By Sylvia Fagin
Does an individual really have the right to eat whatever he or she wants to eat? This is the fundamental question behind Rural Vermont’s food sovereignty campaign.
Rural Vermont, the statewide group dedicated to advancing economic justice for Vermont farmers through advocacy and education, is ramping up a campaign to encourage towns and villages to consider the issue of food sovereignty at their 2012 town meetings, according to Robb Kidd, an organizer with the group.
Sovereignty means supreme authority. Considering the issue of food sovereignty, Rural Vermont takes this position:
“We declare the right of communities to produce, process, sell and purchase local foods. In recognition of Vermont’s traditional agricultural systems, we assert these vital principles as the foundation of local Food Sovereignty.”
This current effort stems from Rural Vermont’s past statewide advocacy work on issues including meat-processing regulation and the right to buy and sell raw milk. Much of Rural Vermont’s work focuses on ways consumers can purchase food directly from farmers.
“In a lot of our work, we’re running into legislative dead ends and federal rules and regulations that don’t allow any more growth in the market,” Kidd said.
He noted that the recently released Farm-to-Plate plan reports that only 5 percent of the food consumed in Vermont is produced in Vermont. “How are we going to change that?” Kidd asked. “Big food trucks still rumble into Montpelier daily.”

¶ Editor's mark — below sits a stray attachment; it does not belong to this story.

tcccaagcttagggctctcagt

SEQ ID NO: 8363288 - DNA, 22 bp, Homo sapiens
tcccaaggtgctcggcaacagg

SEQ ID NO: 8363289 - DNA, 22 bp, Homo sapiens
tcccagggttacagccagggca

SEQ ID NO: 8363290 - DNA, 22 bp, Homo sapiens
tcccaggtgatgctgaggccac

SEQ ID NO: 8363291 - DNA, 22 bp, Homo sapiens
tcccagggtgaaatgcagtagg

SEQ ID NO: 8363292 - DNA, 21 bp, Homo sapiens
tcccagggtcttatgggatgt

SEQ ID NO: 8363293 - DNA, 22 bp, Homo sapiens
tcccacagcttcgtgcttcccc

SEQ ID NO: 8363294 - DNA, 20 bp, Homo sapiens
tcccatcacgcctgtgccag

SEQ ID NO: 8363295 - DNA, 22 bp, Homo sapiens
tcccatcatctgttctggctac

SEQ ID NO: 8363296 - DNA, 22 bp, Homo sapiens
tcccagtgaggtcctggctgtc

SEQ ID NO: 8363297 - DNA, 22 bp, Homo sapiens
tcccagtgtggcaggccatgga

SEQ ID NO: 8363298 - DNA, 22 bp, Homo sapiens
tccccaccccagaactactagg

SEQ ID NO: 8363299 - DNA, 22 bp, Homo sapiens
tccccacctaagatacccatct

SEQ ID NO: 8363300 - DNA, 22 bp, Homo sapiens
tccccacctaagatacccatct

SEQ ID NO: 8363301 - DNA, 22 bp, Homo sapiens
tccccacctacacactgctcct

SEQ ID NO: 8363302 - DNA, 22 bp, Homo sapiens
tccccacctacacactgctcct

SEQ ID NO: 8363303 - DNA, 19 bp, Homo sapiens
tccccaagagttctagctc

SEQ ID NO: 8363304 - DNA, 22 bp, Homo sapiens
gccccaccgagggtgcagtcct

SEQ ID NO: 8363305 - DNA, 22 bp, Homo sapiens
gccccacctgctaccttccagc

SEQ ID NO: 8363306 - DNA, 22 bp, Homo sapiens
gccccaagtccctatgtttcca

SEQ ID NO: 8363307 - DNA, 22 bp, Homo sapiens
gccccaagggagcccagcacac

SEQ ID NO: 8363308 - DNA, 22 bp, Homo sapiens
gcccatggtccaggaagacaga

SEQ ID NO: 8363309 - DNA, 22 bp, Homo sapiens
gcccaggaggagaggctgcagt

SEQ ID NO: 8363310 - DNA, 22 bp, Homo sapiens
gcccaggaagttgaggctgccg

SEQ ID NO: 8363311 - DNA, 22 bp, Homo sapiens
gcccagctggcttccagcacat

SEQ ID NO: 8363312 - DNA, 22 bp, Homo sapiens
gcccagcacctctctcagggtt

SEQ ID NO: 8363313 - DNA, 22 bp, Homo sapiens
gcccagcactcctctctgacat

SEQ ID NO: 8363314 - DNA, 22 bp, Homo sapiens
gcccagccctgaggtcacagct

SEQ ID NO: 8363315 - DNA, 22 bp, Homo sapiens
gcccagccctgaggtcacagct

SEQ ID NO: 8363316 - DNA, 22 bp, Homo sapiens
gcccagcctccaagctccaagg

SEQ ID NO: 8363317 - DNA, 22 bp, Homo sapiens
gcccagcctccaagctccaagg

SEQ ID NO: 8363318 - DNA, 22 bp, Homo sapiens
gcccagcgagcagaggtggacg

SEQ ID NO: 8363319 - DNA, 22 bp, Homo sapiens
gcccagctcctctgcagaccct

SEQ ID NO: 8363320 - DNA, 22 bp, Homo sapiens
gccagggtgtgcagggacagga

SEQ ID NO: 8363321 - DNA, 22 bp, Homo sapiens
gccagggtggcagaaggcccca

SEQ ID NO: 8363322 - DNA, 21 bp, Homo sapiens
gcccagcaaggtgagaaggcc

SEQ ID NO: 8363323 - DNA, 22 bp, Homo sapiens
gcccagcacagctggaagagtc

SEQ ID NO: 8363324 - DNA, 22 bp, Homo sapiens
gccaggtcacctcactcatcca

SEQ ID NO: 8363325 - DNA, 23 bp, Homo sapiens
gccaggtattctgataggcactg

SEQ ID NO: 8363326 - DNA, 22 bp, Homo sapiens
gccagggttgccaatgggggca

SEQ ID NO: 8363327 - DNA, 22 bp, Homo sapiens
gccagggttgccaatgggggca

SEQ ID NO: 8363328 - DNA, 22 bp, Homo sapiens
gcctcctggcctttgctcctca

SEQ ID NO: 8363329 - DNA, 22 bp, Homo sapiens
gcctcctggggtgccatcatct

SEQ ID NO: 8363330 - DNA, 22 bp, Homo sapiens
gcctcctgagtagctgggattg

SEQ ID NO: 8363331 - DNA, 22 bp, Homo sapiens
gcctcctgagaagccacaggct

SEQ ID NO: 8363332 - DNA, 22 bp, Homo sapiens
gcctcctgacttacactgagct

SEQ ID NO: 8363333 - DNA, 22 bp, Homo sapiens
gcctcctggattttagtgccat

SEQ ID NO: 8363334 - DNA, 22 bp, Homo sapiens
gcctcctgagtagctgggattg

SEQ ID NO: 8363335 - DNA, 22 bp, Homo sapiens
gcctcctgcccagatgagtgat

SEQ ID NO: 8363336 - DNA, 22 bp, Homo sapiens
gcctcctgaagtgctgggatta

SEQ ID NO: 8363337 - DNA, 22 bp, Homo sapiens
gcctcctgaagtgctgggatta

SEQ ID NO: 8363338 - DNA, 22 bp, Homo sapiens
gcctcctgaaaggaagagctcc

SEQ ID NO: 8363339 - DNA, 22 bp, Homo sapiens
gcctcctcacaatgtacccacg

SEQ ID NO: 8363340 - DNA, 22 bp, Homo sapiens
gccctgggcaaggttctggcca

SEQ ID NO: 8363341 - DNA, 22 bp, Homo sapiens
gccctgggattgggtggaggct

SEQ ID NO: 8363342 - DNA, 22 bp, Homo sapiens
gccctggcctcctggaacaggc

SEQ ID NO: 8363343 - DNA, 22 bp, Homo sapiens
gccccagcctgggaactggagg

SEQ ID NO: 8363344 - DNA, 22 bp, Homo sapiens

In order for Vermonters to be able to buy more food from their farmer-neighbors, some regulations, both state and federal, will have to change, Kidd said. The first step is educating more people about the issues.
“Even though there’s a lot of support from Vermont politicians, we feel there needs to be a vast culture change,” Kidd said. “One way to do this is in communities themselves. This campaign is about bringing the message to town halls, to get this issue talked about on a greater level.”
Town Meeting Day discussions serve to inform a greater number of Vermonters on the details of a particular issue, Kidd said, citing past Town Meeting Day topics such as nuclear power.
Rural Vermont is encouraging towns and villages to consider a food sovereignty resolution at their town meeting in 2012 and to adopt resolution language that speaks specifically to the individual community’s history and direction regarding food and agriculture.
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